THEY ARE ROOKIES. Or at least that's what it says on their NFL resumes. But linebacker Mychal Kendricks and cornerback Brandon Boykin are growing up fast.

Rookies are supposed to be deer in headlights. Rookies are supposed to be the reason you lose games like this, not win them. But there Kendricks and Boykin were Sunday, coming up big on the Eagles' final defensive stand, just as they had most of the day in this 24-23, come-from-behind win over the Ravens.

There was Kendricks on fourth-and-1, blanketing running back Ray Rice and forcing a game-clinching overthrow from Joe Flacco.

And there was Boykin, earlier in the drive, first breaking up a pass to Pro Bowl wide receiver Anquan Boldin, whom he had shut down all day, and then running step-for-step down the field with Jacoby Jones, to whom he was giving away almost 6 inches, and outjumping him and knocking away a pass that would have put the Ravens in position for a game-winning field goal.

"They're playing awesome," strong safety Kurt Coleman said.

"Awesome. I can't say enough about them. Especially that last drive when Boykin went up there [and knocked away the pass to Jones]. That's a jump ball. Jacoby's got him by a couple of inches. But you wouldn't have known it.

"That's a big-time play by a big-time player. Both of them. They're getting better every week."

The Eagles held a Ravens offense that looked untoppable last week in a 44-13 win over the Cincinnati Bengals to 325 offensive yards and 17 first downs.

Held Joe Flacco to a puny 5.5 yards per pass attempt. Held him to eight second-half completions in 25 attempts. Held Rice, who led the league in yards from scrimmage last season, to 21 yards on nine carries in the second half.

And they closed the deal in the fourth quarter after Mike Vick shook off two more interceptions and the loss of two of his starting offensive linemen and engineered his second straight game-winning drive.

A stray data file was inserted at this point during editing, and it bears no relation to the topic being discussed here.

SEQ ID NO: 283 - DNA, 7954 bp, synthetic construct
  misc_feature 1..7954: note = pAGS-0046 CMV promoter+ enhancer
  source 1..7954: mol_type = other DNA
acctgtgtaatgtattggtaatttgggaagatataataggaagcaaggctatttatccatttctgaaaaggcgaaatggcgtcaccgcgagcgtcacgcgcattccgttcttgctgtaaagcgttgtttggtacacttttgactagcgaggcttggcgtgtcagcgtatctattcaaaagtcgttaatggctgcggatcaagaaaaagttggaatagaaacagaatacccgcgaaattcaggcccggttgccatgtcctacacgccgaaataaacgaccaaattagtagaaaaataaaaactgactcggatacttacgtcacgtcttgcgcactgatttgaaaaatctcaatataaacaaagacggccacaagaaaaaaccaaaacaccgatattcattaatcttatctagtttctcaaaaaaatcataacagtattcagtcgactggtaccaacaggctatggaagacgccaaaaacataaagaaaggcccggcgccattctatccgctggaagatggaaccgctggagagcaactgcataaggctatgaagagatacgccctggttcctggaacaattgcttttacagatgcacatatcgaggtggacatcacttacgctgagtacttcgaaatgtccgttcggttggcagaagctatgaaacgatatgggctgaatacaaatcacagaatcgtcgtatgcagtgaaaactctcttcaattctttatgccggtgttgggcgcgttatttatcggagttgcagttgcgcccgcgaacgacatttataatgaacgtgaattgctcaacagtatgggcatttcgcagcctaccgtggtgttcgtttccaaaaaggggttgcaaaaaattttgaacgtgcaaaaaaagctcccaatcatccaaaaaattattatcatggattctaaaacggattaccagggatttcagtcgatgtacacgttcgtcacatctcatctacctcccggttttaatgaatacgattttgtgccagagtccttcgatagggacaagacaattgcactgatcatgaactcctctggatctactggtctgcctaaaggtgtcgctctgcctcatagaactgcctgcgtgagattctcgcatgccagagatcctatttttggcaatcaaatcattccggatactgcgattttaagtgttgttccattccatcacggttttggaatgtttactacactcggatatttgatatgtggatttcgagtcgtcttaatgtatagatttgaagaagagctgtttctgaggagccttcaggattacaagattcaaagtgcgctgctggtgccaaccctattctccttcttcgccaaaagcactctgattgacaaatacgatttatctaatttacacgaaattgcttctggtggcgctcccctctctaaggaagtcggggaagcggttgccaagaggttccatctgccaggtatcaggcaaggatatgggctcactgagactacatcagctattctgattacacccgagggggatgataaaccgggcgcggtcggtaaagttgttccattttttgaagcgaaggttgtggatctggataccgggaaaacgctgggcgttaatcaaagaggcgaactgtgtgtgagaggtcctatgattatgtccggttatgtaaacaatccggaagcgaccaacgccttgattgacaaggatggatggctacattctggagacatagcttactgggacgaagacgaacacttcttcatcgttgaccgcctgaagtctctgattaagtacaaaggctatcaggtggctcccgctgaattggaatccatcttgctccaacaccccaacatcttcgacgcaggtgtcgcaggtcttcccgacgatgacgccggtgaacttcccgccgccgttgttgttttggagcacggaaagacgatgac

Kendricks and Boykin certainly weren't the only defensive heroes in the win. The front four, including yet another rookie, Fletcher Cox, put constant pressure on Flacco. Middle linebacker DeMeco Ryans had another big game, notching seven tackles, including two for losses, and his first sack as an Eagle.

Safety Nate Allen may have had the best game of his NFL career, notching 10 tackles, and teaming with Kendricks to neutralize the Ravens' talented tight-end tandem of Dennis Pitta and Ed Dickson.

Pitta and Dickson combined for 94 receptions and eight touchdown passes last season. Flacco targeted them 19 times Sunday. They combined for nine catches for just 88 yards and no touchdowns. Rice had six catches for 53 yards. But just one of those six catches did any damage.

That was a 37-yard catch-and-run in the fourth quarter on a third-and-8 that set up a 48-yard field goal by Justin Tucker, which gave the Ravens a 23-17 lead with 4:43 left.

It was one of the few mistakes Kendricks made. The Eagles blitzed on the play and Kendricks didn't get over in time to cover Rice, who was wide-open in the middle of the field. But he made up for it later on fourth-and-1.

"I'm pretty pleased with the way I played," he said. "I gave up that one pass at a crucial moment. But I'm pleased."

It's no secret that the Eagles haven't had a great track record in the draft with linebackers. We won't bore you with yet another recitation of the long list of busts. But they appear to have hit a bull's-eye with the 5-11, 240-pound Kendricks.